All eight older ships have now been upgraded with "Signature of Excellence" enhancements, and all offer the Explorations Cafe, culinary arts center, Eurotop mattresses, upscale bedding, massage showerheads, lighted makeup mirrors, salon-style hairdryers and expanded children's and teen's centers (found on the newer Vista- and Signature-class ships). Since early 2009, the four Statendam-class ships have received even more extensive upgrades, including an adults-only pool area called The Retreat, spa staterooms, a new bar called Mix and an outdoor LED screen for alfresco movie-watching.
Unique in its own right is Holland America's Prinsendam. Holland America purchased the 793-passenger ship in 2002. Built in 1988, it was originally called Royal Viking Sun and later became Seabourn Sun. Holland America dubbed the ship its "Elegant Explorer" and is now utilizing it primarily for longer sailings. Although Holland America has updated the ship, Prinsendam still has an old-world feel with lots of dark woods and brass accents. But it also has plenty of modern amenities, including a nicely equipped Internet cafe with wireless access in hot spots throughout the ship and a small but lovely Pinnacle Grill Restaurant.
Another plus: Prinsendam offers a refreshing diversity of cabins, many of which, constructed before the pre-fabricated era, are unique in size and shape.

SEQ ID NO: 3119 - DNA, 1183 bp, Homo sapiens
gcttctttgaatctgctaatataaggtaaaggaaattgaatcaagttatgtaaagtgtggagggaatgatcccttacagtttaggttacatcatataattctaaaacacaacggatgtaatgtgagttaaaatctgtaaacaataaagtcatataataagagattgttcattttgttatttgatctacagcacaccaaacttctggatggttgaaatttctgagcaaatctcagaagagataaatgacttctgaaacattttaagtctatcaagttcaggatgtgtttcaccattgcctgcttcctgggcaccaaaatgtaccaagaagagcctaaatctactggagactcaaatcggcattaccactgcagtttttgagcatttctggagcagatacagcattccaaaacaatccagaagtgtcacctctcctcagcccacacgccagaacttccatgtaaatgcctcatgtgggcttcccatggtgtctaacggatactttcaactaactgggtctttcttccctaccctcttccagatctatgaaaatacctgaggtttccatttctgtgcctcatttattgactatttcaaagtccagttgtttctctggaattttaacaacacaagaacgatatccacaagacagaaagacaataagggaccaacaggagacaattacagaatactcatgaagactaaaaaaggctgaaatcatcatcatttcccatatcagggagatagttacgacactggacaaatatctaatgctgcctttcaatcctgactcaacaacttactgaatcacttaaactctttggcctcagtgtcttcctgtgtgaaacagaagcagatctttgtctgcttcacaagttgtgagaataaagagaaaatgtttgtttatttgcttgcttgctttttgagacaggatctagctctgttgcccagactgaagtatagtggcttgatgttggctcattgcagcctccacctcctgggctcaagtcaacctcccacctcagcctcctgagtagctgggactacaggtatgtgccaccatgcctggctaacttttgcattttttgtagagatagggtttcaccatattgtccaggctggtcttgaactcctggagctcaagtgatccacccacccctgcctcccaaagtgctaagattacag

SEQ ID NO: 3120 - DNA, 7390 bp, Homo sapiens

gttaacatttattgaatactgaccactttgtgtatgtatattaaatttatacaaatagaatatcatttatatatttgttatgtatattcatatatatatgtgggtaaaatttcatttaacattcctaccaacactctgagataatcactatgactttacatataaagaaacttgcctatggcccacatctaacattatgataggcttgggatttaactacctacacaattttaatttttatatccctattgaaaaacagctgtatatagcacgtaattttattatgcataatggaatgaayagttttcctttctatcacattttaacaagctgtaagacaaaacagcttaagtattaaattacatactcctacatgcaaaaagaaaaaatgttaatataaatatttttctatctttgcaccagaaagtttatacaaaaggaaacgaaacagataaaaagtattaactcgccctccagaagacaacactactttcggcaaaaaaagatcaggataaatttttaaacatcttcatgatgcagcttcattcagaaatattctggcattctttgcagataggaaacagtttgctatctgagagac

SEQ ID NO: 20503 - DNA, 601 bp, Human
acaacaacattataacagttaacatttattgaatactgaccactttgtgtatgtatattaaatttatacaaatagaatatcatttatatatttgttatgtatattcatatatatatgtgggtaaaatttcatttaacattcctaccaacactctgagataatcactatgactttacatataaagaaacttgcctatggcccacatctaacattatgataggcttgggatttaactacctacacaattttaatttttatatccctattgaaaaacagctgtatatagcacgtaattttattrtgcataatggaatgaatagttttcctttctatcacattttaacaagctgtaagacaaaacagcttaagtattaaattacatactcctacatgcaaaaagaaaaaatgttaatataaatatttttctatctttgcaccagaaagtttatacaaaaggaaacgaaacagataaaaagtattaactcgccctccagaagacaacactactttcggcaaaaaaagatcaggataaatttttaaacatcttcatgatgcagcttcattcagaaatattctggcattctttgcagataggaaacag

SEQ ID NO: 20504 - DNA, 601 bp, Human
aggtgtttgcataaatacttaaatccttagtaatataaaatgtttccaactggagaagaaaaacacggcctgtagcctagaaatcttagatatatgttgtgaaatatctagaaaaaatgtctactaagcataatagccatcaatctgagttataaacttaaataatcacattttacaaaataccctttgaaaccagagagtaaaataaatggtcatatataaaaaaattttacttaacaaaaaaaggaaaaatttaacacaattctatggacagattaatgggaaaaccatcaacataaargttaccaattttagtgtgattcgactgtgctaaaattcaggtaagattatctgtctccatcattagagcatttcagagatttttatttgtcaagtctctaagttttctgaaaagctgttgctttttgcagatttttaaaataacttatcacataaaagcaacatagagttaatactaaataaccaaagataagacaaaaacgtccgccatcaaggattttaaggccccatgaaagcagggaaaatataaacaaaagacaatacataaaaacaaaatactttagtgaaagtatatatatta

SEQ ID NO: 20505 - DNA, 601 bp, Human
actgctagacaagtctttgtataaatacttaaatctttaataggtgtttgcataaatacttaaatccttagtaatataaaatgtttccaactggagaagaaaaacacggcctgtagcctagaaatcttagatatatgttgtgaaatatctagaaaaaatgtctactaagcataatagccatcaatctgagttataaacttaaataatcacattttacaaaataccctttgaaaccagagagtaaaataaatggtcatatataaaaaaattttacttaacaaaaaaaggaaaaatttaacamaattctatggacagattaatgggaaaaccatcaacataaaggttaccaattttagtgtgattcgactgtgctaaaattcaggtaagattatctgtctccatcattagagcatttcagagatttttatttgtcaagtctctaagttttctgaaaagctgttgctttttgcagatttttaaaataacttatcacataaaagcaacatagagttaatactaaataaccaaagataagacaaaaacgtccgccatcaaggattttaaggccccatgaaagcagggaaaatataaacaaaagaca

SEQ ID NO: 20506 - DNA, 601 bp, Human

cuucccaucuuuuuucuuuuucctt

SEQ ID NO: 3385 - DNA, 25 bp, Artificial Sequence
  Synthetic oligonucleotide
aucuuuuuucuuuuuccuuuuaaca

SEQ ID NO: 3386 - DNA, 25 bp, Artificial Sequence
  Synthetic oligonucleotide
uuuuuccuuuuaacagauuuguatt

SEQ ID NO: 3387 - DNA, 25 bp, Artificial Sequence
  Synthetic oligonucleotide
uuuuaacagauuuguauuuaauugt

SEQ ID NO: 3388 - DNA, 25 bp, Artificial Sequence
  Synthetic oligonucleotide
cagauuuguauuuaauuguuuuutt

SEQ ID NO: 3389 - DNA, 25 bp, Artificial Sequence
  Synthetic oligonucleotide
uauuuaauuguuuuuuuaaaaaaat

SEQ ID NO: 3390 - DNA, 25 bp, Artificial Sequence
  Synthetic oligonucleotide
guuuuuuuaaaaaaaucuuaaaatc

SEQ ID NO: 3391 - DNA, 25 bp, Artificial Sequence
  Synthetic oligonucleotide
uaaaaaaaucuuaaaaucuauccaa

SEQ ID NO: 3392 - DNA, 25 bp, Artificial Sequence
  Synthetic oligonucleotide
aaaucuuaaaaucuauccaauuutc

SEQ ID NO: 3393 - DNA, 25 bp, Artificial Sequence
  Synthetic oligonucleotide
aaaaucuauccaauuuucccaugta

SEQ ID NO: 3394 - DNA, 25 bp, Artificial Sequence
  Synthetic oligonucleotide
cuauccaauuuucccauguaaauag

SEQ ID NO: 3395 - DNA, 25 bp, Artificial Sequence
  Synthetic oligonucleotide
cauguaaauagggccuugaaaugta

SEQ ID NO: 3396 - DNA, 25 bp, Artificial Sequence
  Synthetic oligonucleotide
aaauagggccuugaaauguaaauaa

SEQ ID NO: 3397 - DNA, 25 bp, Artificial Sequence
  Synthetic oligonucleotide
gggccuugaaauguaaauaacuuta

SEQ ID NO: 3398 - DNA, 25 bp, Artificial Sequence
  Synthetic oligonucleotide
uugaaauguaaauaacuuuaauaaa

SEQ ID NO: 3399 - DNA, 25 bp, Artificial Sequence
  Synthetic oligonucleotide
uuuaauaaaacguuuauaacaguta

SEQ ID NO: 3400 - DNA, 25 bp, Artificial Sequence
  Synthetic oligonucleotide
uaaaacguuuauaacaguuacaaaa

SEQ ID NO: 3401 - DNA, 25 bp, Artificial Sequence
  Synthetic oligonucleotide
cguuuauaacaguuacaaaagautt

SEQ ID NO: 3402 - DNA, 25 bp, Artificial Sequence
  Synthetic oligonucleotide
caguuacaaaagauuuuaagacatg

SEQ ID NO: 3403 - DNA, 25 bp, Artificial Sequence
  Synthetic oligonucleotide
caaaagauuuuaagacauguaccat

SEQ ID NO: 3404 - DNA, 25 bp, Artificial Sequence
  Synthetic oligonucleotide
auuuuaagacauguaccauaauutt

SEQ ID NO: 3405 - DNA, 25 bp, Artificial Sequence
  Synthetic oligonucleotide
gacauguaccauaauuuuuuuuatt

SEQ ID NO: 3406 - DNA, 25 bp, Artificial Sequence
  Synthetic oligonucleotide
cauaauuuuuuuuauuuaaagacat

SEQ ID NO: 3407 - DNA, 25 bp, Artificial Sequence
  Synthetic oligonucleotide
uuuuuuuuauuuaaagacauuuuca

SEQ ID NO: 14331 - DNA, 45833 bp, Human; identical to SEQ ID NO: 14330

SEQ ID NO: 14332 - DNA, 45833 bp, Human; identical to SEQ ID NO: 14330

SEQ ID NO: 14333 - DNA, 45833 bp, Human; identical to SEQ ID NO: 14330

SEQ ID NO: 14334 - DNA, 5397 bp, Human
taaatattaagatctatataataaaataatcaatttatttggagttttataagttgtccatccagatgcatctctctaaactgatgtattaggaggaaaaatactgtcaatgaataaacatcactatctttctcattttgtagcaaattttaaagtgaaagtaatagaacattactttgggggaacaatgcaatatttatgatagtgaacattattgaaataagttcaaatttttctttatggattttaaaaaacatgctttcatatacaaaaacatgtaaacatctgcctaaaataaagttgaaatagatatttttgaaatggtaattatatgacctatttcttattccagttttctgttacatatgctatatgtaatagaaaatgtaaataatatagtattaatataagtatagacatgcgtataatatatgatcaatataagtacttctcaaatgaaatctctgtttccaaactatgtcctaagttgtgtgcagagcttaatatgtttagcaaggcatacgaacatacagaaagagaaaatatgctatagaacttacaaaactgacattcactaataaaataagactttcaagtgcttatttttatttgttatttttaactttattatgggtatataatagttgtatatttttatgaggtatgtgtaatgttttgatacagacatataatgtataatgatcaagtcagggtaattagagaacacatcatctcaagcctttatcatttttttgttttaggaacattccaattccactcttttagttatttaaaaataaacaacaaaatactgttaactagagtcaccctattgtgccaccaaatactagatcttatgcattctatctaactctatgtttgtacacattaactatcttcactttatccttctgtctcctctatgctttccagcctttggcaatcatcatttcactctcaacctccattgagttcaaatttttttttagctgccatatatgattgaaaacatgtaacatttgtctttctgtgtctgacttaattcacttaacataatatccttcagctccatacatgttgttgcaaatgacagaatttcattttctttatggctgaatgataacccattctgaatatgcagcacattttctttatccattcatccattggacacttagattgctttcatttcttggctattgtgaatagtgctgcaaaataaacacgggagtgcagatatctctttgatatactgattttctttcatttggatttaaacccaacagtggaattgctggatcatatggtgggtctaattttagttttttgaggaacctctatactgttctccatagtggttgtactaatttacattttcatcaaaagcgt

Fellow PassengersHolland America has long had a reputation for catering to a well-heeled but somewhat traditionally minded crowd. Perhaps that's due to the line's insistence on maintaining its traditions with set-seating dining, elegant afternoon tea, ballroom dancing and on-ship tennis courts. But Holland America is also making an effort to entice a younger, hipper customer base by integrating some of cruising's most important new features, such as Internet cafes with wireless access, alternative boutique restaurants, concierge service for upper-level accommodations and indoor-outdoor pools for year-round use. Camp HAL has also been upgraded to meet the needs of younger families with children -- especially during summer sailings to Alaska and the Caribbean and on weeklong (as opposed to two-week-plus) voyages. Although Holland America is not likely to rival Disney for the breadth and depth of its programs, most of the ships offer Club HAL children's programming, particularly during the summer and other school holiday periods.
The Club HAL programs are divided into three age groups: 3 to 7, 8 to 12 and 13 to 17. All of the ships now have expanded children's facilities, dedicated teen lounges and parent-free zones with computers, conversation areas and gaming stations. Teens can take advantage of these spaces, which bear names like The Loft and The Oasis and have themes to match.